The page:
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Mass Market Paperback Swords of Mars Book

ISBN: 0345278410

ISBN13: 9780345278418

Swords of Mars

(Book #8 in the Barsoom Series)

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Format: Mass Market Paperback

Condition: Good


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Book Overview

"Swords of Mars" is the eighth book in the Edgar Rice Burroughs' Martian series. It was featured in six issues of the "Blue Book" magazine in 1934-1935. John Carter reprises his role of hero as he vows to bring an end to the Assassins Guild. He must travel to one of the moons of Barsoom, Carter then creates a race of secret super assassins to destroy this powerful Guild of Assassins. He ventures to the city of Zedong in a fierce attempt to overthrow...

Customer Reviews

5 ratings

A great example of the series.

Swords of Mars is one of my favorites of the Martian Tales. Although late in the series, it has all the elements that made Burroughs a classic in the field: 1. It is a John Carter novel. He is still the best character in the series. 2. It does not suffer from the same artifacts of serialization that you see in some of the other Mars books. The chapters flow together very nicely without too many inconsistencies or abrupt breaks. 3. It manages to deal with the political aspect of life on Barsoom while staying smaller. I enjoy the more intimate focus on John Carter more than I do the more epic sweeps of some of the other books. Recommended for fans of the series. People new to the series should really at least read A Princess of Mars series. However, if you have read that one and are skipping around, this would be a good one to skip around to.


This was about number eight in the Martian Series and the story continues. With this book, Burroughs has John Carter fighting and trying to put an end to the practice of assissination on Mars. Like the rest of the Mars Series, the action is non stop. While I will grant you that ERB has certainly used a formula (Dejah Thoris is captured again and John Carter must rescue), it is never-the-less an effective formula. These books of course are sort of the grand-daddy of much of the Fantasy Fiction of today. Please keep in mind when they were written and do enjoy the style and syntax. This was some of the best pulp fiction coming out in the early part of the last century. Read and enjoy. Recommend highly.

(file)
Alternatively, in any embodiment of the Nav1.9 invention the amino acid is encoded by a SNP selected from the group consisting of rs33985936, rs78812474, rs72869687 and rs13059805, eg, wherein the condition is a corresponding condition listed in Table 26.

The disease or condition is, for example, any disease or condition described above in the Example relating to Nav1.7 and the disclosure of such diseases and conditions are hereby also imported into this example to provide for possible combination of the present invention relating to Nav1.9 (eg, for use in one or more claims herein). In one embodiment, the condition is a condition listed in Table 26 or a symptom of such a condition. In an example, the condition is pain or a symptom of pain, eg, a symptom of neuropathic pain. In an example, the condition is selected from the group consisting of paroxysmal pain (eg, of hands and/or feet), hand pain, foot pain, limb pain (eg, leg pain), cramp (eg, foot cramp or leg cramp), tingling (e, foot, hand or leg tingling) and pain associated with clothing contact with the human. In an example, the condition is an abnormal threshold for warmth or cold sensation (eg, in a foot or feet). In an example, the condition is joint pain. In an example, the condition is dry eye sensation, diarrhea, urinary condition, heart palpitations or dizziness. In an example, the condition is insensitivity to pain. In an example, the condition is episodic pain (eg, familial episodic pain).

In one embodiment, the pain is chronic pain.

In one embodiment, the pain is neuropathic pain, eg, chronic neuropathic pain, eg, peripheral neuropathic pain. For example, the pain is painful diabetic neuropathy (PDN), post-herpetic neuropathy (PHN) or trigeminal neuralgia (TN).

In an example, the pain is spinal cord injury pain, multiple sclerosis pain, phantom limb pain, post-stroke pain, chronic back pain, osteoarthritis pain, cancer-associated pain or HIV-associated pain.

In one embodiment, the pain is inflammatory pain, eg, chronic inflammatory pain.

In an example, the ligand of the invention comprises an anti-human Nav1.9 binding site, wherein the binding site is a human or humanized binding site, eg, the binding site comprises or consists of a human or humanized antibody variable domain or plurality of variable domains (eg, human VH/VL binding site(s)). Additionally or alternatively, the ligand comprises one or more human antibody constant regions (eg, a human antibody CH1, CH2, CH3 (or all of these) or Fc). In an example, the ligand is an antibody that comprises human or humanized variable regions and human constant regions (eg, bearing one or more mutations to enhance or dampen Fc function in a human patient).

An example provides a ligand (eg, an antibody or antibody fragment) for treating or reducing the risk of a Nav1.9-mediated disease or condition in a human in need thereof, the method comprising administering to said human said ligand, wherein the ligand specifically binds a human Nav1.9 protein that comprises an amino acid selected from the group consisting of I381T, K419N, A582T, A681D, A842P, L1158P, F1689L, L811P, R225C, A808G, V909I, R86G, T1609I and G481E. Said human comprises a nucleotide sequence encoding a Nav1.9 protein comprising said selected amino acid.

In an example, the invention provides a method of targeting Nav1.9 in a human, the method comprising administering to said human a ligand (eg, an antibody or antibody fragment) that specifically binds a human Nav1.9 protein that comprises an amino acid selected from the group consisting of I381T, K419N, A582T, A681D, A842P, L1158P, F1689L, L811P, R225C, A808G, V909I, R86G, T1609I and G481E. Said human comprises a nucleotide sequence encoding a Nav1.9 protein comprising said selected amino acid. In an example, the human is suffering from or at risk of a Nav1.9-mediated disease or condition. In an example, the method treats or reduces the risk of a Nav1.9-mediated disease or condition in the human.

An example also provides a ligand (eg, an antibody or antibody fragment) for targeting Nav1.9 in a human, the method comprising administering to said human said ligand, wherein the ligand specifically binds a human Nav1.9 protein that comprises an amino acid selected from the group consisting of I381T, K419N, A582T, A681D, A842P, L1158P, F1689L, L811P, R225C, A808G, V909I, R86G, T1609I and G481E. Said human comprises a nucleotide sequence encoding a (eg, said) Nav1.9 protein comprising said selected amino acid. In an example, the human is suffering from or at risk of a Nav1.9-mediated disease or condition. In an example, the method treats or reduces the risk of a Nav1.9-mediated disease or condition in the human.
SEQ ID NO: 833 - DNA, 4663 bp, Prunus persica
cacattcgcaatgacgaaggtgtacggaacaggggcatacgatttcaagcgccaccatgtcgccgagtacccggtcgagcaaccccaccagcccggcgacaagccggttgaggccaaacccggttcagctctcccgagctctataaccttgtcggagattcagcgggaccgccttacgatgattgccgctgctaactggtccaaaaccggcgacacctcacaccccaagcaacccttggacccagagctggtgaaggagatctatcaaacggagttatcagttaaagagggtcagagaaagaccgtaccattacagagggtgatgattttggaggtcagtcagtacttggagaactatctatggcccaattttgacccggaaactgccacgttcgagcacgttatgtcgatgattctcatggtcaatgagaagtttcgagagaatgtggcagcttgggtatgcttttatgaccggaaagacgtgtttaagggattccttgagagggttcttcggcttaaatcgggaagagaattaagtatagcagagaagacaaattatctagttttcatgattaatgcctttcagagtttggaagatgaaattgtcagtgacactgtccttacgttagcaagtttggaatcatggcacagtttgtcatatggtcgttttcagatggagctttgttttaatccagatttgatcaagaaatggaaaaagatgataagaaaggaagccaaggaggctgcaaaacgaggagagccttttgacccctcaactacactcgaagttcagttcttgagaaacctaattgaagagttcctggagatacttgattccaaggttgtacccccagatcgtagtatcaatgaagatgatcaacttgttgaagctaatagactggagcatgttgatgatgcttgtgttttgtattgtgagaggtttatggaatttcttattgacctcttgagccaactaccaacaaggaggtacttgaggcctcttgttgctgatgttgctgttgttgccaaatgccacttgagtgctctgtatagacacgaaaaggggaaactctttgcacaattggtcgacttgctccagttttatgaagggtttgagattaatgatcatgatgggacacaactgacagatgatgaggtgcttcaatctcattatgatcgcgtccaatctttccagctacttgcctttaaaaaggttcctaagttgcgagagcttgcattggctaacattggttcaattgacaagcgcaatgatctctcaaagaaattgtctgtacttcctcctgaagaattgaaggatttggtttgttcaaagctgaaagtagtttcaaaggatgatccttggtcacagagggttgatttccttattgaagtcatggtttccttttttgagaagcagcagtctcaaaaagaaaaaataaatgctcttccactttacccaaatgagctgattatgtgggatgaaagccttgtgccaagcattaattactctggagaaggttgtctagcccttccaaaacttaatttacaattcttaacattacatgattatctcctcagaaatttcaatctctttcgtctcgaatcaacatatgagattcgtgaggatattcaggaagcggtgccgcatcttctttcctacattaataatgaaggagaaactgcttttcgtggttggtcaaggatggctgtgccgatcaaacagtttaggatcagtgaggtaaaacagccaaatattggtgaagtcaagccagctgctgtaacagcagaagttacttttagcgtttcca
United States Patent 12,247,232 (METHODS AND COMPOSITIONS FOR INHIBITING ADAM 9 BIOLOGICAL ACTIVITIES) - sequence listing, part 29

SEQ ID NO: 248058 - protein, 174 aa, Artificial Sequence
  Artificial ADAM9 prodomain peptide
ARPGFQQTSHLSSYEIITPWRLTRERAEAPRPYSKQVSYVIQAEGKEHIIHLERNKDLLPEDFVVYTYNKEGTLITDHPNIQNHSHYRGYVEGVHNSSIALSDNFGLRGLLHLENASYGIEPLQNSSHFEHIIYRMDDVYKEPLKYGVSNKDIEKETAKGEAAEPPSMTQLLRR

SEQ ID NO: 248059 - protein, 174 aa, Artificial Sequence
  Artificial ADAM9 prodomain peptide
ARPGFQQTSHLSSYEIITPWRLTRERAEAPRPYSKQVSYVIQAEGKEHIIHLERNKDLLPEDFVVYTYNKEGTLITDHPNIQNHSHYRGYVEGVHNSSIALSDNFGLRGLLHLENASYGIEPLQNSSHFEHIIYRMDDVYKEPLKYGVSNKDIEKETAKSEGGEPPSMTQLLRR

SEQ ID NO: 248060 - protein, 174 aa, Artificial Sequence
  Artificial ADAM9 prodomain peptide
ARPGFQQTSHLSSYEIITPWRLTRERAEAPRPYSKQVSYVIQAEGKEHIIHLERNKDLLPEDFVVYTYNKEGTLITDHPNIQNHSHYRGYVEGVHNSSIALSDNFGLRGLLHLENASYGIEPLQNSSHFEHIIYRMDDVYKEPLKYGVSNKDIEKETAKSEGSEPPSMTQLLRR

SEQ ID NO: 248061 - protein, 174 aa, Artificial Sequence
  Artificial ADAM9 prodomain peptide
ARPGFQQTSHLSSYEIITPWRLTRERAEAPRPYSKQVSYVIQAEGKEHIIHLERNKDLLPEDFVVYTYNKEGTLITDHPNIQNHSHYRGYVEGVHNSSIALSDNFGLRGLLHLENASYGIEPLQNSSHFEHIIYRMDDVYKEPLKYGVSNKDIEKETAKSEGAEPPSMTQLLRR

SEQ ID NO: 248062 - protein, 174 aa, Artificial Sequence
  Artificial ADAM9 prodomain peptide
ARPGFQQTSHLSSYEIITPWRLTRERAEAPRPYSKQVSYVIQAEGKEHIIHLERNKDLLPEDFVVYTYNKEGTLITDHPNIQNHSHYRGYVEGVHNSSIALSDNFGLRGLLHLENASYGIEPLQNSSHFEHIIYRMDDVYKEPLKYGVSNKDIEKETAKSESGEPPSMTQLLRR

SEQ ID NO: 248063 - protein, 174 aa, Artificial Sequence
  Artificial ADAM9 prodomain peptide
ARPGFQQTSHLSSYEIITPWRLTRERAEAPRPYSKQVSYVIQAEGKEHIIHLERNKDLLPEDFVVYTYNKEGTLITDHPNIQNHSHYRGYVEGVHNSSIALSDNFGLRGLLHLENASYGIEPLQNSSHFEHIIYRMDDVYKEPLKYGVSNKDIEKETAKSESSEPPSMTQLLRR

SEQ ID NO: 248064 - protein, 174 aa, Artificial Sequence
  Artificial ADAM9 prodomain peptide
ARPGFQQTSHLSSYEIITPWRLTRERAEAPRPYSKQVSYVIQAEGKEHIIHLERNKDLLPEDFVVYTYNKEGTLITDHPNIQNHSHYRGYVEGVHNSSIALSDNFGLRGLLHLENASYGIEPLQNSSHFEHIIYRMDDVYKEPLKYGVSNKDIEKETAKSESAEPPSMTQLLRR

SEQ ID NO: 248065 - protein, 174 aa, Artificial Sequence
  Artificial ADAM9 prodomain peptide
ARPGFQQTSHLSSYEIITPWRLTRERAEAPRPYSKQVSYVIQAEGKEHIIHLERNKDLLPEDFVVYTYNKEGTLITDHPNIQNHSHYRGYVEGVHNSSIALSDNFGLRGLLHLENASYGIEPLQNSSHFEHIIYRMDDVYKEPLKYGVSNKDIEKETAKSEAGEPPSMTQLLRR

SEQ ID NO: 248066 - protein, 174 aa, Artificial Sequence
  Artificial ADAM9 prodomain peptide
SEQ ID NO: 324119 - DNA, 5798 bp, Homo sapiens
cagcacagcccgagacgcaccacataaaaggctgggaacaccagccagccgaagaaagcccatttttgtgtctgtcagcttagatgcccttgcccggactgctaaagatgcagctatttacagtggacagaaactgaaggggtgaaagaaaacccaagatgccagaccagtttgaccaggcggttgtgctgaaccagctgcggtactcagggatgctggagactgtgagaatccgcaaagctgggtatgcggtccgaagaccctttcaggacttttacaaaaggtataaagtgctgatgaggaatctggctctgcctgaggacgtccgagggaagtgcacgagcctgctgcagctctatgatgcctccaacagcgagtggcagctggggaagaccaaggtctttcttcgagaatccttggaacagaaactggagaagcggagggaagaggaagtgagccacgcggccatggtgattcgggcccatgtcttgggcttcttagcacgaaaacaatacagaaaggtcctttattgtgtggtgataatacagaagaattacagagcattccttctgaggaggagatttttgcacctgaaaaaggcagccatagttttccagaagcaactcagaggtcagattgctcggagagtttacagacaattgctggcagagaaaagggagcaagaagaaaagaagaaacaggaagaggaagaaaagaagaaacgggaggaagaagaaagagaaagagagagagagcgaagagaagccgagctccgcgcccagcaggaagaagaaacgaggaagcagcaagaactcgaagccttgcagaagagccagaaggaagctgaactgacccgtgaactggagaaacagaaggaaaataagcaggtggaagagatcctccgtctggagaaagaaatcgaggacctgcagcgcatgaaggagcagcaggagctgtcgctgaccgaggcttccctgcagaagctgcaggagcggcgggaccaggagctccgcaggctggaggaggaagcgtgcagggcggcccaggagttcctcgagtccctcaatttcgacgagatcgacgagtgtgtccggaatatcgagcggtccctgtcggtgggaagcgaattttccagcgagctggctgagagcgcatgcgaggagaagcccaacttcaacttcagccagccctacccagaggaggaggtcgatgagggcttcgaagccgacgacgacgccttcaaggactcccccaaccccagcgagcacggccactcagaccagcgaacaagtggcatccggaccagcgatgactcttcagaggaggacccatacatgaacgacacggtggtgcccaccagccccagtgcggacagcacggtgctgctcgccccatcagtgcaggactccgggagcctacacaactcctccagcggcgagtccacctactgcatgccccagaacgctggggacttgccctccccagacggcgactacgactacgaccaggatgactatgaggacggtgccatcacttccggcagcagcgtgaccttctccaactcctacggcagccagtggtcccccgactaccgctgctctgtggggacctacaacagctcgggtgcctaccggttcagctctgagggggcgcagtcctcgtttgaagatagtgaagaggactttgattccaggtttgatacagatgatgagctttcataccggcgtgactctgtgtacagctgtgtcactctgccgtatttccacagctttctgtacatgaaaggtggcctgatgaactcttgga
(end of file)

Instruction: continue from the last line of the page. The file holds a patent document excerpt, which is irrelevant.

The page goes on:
John Carter decides to take down the Assassins Guild

After being relegated to the background for the previous four Martian novels, "Swords of Mars" brings John Carter back to the forefront as he vows to bring an end to the Assassins Guild and travels to one of Barsoom's moons. Carter shows up at Edgar Rice Burroughs' cabin in the mountains of Arizona and relates this tale, which ERB then serializes as the eighth Martian story in six issues of "The Blue-Book Magazine" in 1934-35. Carter has created a secret organization of super assassins to strike back against the powerful guild of assassins, which is headquartered in the city of Zodanga, and goes to the city undercover to infiltrate their ranks. As the first step in an attempt to overthrow Ur Jan, the head of the assassins, Carter pretends to be a panthan and becomes the body guard of Fal Sivas, an inventor. Eventually, as he gets closer to his goal, Carter has to go to Thuria, one of the moons of Mars. For the most part "Swords of Mars" is one of the most intimate novels in the series, by which I simply mean that it does not have the gigantic armies of variously colored Barsoomians and thousands of air ships arrayed in battle. The first half of the novel is basically a spy story, while the second half find Burroughs indulging in one of his imaginative flights of fancy. Of course, it is not an ERB Martian novel if Carter's beloved Dejah Thoris, princess of Helium, does not need to be rescued. Just because ERB sticks to his pulp fiction formula does not distract from the fact he was a master of the form. This is an above average Burroughs yarn and while it is a step below his best Martian tales, such as "The Chessmen of Mars," it is still a compelling tale. Best of all, John Carter is back front and center. I wound rate this novel as a 4.5, but I will round up for Carter's return. Besides "A Princess of Mars," I think it is clear that "Swrods of Mars" is one of the primary inspirations for John Norman's Gor series, which was one of the best series that followed in the footsteps of ERB's Martian seres. Note: The first letters of the first words in the preface and twenty-four chapters from an acrostic message: "TO FLORENCE WITH ALL MY LOVE ED." The reference is to Florence Gilbert, ERB's second wife, whom he married in 1935.